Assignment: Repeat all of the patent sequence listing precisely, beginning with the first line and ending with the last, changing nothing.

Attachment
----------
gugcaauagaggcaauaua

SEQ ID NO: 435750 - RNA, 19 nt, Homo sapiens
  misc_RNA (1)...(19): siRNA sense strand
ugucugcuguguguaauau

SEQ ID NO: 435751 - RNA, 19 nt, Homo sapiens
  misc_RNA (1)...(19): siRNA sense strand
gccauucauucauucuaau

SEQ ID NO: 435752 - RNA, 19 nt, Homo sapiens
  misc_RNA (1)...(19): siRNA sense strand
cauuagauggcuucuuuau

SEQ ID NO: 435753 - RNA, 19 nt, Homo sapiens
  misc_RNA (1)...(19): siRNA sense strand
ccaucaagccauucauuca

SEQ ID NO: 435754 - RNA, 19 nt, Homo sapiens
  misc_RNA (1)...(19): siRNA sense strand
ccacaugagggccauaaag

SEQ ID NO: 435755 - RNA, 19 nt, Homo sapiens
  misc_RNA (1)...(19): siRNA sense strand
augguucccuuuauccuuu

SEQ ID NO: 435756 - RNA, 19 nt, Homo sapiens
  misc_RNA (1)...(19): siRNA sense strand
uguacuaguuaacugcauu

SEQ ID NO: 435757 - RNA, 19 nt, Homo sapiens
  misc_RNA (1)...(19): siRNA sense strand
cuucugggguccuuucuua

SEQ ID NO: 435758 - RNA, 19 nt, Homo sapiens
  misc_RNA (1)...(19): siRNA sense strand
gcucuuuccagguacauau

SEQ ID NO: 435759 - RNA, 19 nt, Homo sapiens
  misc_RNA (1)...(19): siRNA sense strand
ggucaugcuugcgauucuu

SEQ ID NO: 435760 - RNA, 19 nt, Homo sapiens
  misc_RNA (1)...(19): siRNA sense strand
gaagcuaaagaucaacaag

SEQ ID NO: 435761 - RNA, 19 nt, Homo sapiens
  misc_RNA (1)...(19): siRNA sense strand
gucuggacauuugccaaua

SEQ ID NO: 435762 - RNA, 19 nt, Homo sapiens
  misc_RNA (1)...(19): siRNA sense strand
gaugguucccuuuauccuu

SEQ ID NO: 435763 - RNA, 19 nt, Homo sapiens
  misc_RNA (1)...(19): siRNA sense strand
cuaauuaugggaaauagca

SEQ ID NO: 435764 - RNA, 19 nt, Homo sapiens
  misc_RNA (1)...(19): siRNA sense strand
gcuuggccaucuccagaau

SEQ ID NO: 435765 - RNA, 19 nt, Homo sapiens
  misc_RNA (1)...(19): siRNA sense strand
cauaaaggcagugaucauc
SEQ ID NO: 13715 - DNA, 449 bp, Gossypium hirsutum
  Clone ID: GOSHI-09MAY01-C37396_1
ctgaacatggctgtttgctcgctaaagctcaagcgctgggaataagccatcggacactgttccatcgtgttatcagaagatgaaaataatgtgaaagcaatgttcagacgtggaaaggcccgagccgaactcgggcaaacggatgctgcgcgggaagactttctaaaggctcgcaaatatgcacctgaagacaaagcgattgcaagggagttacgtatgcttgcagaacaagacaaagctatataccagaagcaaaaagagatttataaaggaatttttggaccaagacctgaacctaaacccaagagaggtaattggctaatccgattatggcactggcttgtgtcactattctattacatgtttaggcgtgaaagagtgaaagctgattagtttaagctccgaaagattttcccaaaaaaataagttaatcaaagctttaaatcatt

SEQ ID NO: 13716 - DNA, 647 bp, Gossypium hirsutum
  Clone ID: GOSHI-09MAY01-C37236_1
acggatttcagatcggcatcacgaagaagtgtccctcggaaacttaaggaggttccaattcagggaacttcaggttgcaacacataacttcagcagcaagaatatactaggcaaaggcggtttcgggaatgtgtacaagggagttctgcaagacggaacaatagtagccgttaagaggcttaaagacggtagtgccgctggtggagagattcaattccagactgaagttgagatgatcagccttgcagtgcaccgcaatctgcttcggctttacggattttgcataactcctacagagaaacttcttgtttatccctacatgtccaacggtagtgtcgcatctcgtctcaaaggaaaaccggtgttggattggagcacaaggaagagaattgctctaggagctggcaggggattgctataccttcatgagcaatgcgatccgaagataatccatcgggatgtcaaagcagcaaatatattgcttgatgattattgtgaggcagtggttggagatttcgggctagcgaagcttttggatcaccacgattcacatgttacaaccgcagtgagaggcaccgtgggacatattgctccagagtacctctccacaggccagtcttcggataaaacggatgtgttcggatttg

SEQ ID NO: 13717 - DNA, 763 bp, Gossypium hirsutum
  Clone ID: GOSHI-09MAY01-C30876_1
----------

gugcaauagaggcaauaua

SEQ ID NO: 435750 - RNA, 19 nt, Homo sapiens
  misc_RNA (1)...(19): siRNA sense strand
ugucugcuguguguaauau

SEQ ID NO: 435751 - RNA, 19 nt, Homo sapiens
  misc_RNA (1)...(19): siRNA sense strand
gccauucauucauucuaau

SEQ ID NO: 435752 - RNA, 19 nt, Homo sapiens
  misc_RNA (1)...(19): siRNA sense strand
cauuagauggcuucuuuau

SEQ ID NO: 435753 - RNA, 19 nt, Homo sapiens
  misc_RNA (1)...(19): siRNA sense strand
ccaucaagccauucauuca

SEQ ID NO: 435754 - RNA, 19 nt, Homo sapiens
  misc_RNA (1)...(19): siRNA sense strand
ccacaugagggccauaaag

SEQ ID NO: 435755 - RNA, 19 nt, Homo sapiens
  misc_RNA (1)...(19): siRNA sense strand
augguucccuuuauccuuu

SEQ ID NO: 435756 - RNA, 19 nt, Homo sapiens
  misc_RNA (1)...(19): siRNA sense strand
uguacuaguuaacugcauu

SEQ ID NO: 435757 - RNA, 19 nt, Homo sapiens
  misc_RNA (1)...(19): siRNA sense strand
cuucugggguccuuucuua

SEQ ID NO: 435758 - RNA, 19 nt, Homo sapiens
  misc_RNA (1)...(19): siRNA sense strand
gcucuuuccagguacauau

SEQ ID NO: 435759 - RNA, 19 nt, Homo sapiens
  misc_RNA (1)...(19): siRNA sense strand
ggucaugcuugcgauucuu

SEQ ID NO: 435760 - RNA, 19 nt, Homo sapiens
  misc_RNA (1)...(19): siRNA sense strand
gaagcuaaagaucaacaag

SEQ ID NO: 435761 - RNA, 19 nt, Homo sapiens
  misc_RNA (1)...(19): siRNA sense strand
gucuggacauuugccaaua

SEQ ID NO: 435762 - RNA, 19 nt, Homo sapiens
  misc_RNA (1)...(19): siRNA sense strand
gaugguucccuuuauccuu

SEQ ID NO: 435763 - RNA, 19 nt, Homo sapiens
  misc_RNA (1)...(19): siRNA sense strand
cuaauuaugggaaauagca

SEQ ID NO: 435764 - RNA, 19 nt, Homo sapiens
  misc_RNA (1)...(19): siRNA sense strand
gcuuggccaucuccagaau

SEQ ID NO: 435765 - RNA, 19 nt, Homo sapiens
  misc_RNA (1)...(19): siRNA sense strand
cauaaaggcagugaucauc
SEQ ID NO: 13715 - DNA, 449 bp, Gossypium hirsutum
  Clone ID: GOSHI-09MAY01-C37396_1
ctgaacatggctgtttgctcgctaaagctcaagcgctgggaataagccatcggacactgttccatcgtgttatcagaagatgaaaataatgtgaaagcaatgttcagacgtggaaaggcccgagccgaactcgggcaaacggatgctgcgcgggaagactttctaaaggctcgcaaatatgcacctgaagacaaagcgattgcaagggagttacgtatgcttgcagaacaagacaaagctatataccagaagcaaaaagagatttataaaggaatttttggaccaagacctgaacctaaacccaagagaggtaattggctaatccgattatggcactggcttgtgtcactattctattacatgtttaggcgtgaaagagtgaaagctgattagtttaagctccgaaagattttcccaaaaaaataagttaatcaaagctttaaatcatt

SEQ ID NO: 13716 - DNA, 647 bp, Gossypium hirsutum
  Clone ID: GOSHI-09MAY01-C37236_1
acggatttcagatcggcatcacgaagaagtgtccctcggaaacttaaggaggttccaattcagggaacttcaggttgcaacacataacttcagcagcaagaatatactaggcaaaggcggtttcgggaatgtgtacaagggagttctgcaagacggaacaatagtagccgttaagaggcttaaagacggtagtgccgctggtggagagattcaattccagactgaagttgagatgatcagccttgcagtgcaccgcaatctgcttcggctttacggattttgcataactcctacagagaaacttcttgtttatccctacatgtccaacggtagtgtcgcatctcgtctcaaaggaaaaccggtgttggattggagcacaaggaagagaattgctctaggagctggcaggggattgctataccttcatgagcaatgcgatccgaagataatccatcgggatgtcaaagcagcaaatatattgcttgatgattattgtgaggcagtggttggagatttcgggctagcgaagcttttggatcaccacgattcacatgttacaaccgcagtgagaggcaccgtgggacatattgctccagagtacctctccacaggccagtcttcggataaaacggatgtgttcggatttg

SEQ ID NO: 13717 - DNA, 763 bp, Gossypium hirsutum
  Clone ID: GOSHI-09MAY01-C30876_1